We have ten wins thus far, much better than any of use expected, I suspect. If we stay healthy and play our game, I think we will win the lion's share of those 21 games. But let us be very pessimistic and say that we win only thirteen (60%) of them. That still gives us 23 wins. Even that ought to get us into one of the tournaments, especially with some solid wins in non-conference.

The program record of 26 wins in 1986-87 is within reach.

Friday, December 25, 2015

The only score that would please me

in tomorrow's Louisville/Kentucky game is 0-0. But I suppose I will win either way, because one of them will lose.

A quick study

This next week will be critical to this team. After the holiday break, we are going to have a few days to fix the things that are wrong heading into the conference season. Assuming the AD is willing to and can afford to send us to one of the pay-to-play post-season tournaments, it seems obvious that we are likely still to be playing after the SBC tournament one way or the other; and that is very important to this program at this juncture.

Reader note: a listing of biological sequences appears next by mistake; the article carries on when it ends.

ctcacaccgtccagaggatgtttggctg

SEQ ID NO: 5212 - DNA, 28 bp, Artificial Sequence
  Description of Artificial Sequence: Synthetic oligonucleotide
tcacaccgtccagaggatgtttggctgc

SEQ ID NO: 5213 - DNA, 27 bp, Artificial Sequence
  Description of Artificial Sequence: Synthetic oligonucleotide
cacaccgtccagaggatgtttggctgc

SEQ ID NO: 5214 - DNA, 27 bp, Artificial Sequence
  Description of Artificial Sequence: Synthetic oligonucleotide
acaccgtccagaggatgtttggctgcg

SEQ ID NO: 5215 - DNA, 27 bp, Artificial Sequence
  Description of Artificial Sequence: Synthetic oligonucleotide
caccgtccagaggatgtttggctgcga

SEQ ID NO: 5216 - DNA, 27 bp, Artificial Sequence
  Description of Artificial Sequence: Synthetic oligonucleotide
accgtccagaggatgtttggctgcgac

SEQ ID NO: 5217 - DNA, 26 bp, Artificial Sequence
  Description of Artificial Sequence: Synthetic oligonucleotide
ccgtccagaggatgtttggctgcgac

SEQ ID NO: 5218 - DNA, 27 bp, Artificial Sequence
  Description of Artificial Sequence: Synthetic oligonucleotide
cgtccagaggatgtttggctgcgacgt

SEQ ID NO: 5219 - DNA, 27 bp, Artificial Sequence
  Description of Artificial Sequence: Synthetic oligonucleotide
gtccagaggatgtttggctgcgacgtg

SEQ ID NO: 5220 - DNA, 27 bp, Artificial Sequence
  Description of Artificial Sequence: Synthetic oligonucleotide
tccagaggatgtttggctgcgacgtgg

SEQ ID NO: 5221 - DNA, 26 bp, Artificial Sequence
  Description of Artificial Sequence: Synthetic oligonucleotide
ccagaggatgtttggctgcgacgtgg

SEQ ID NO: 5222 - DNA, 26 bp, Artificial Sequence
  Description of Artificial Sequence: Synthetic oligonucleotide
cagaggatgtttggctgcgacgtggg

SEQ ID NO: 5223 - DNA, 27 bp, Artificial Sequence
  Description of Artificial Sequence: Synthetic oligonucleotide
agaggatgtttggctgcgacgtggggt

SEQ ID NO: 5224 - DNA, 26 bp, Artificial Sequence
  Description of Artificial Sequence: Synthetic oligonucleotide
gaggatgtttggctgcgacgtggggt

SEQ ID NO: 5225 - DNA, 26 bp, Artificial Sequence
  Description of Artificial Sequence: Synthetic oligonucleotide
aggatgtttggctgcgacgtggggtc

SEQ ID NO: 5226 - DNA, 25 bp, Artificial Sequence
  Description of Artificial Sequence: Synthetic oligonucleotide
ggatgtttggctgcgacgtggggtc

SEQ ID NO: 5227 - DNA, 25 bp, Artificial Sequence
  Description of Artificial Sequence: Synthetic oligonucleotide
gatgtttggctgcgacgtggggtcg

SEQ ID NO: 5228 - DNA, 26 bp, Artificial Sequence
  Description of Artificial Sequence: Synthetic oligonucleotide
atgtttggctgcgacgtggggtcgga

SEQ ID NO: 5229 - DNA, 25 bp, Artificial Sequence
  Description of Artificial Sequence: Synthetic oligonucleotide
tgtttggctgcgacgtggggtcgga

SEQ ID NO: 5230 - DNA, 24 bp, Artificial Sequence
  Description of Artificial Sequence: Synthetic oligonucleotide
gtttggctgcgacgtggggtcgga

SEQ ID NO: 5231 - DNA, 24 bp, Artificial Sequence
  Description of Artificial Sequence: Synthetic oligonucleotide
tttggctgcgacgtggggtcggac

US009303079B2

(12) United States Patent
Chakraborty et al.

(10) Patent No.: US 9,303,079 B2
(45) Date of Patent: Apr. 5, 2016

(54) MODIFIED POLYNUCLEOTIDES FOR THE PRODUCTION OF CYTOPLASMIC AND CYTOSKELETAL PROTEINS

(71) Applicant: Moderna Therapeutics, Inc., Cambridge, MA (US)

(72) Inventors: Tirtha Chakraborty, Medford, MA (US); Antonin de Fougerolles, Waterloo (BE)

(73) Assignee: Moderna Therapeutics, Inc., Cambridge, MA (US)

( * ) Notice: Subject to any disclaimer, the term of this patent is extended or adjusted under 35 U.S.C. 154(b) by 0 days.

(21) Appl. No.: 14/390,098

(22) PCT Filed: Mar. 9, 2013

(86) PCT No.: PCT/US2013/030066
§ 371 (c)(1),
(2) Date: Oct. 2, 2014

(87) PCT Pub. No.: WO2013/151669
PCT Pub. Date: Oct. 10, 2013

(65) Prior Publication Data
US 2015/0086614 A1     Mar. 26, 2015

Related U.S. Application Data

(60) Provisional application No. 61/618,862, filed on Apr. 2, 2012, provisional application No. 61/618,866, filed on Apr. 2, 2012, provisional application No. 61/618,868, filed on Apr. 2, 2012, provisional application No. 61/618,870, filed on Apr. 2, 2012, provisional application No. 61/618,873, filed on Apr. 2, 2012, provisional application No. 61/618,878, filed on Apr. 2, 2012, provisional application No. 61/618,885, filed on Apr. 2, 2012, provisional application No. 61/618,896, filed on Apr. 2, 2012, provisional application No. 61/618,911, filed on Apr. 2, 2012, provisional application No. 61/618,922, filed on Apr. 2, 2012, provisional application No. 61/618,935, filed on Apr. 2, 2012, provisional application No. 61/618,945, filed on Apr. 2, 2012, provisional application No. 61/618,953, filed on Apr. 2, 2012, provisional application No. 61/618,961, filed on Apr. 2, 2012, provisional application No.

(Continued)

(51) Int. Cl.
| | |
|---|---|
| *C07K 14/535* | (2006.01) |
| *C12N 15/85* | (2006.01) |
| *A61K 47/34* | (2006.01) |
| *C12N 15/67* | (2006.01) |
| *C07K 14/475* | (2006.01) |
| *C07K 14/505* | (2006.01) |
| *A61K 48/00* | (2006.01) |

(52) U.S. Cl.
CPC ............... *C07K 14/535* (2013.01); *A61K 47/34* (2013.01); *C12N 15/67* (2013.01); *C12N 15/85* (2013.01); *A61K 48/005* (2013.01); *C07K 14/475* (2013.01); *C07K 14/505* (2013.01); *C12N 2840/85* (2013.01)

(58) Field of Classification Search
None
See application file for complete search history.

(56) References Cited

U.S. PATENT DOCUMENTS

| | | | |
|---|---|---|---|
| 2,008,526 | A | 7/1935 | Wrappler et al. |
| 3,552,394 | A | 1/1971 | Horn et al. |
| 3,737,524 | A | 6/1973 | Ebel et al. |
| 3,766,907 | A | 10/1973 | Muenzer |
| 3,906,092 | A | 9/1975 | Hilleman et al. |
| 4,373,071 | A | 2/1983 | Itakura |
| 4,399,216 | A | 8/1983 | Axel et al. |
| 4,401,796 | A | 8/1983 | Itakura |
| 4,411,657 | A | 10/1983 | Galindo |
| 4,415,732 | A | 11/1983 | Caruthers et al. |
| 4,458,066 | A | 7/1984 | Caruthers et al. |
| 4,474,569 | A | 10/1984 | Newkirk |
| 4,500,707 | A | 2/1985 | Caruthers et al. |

This is a veteran team. Our only scholarship players who are not upper-classmen are Deondre Burns and Oliver Black, and Black is redshirting. So these guys have been "around the Horn" already. All the upperclassmen have played for at least one other head coach previously. Plus, unless some of them are just unusually hard-headed (which I have not seen), by this point they ought to be convinced that Coach Beard knows what he is talking about. Whatever points he emphasizes this next week, I think they will acknowledge and learn, and so we ought to go into conference play with a few of the holes in the dike plugged. Our roster is what it is, but we ought to be able to compensate successfully for the few deficiencies we have if we follow the Doctor's prescription.

Thursday, December 24, 2015

Beard started where it matters

Defense is the bedrock of basketball because it is perhaps the most predictable factor. Shooting sometimes goes cold, but defense is much more likely to be "on." We are not yet hitting on all cylinders offensively, but our defense has been outstanding, and we are 10-1. Coach started where he needed to, and it paid off. The rest will come.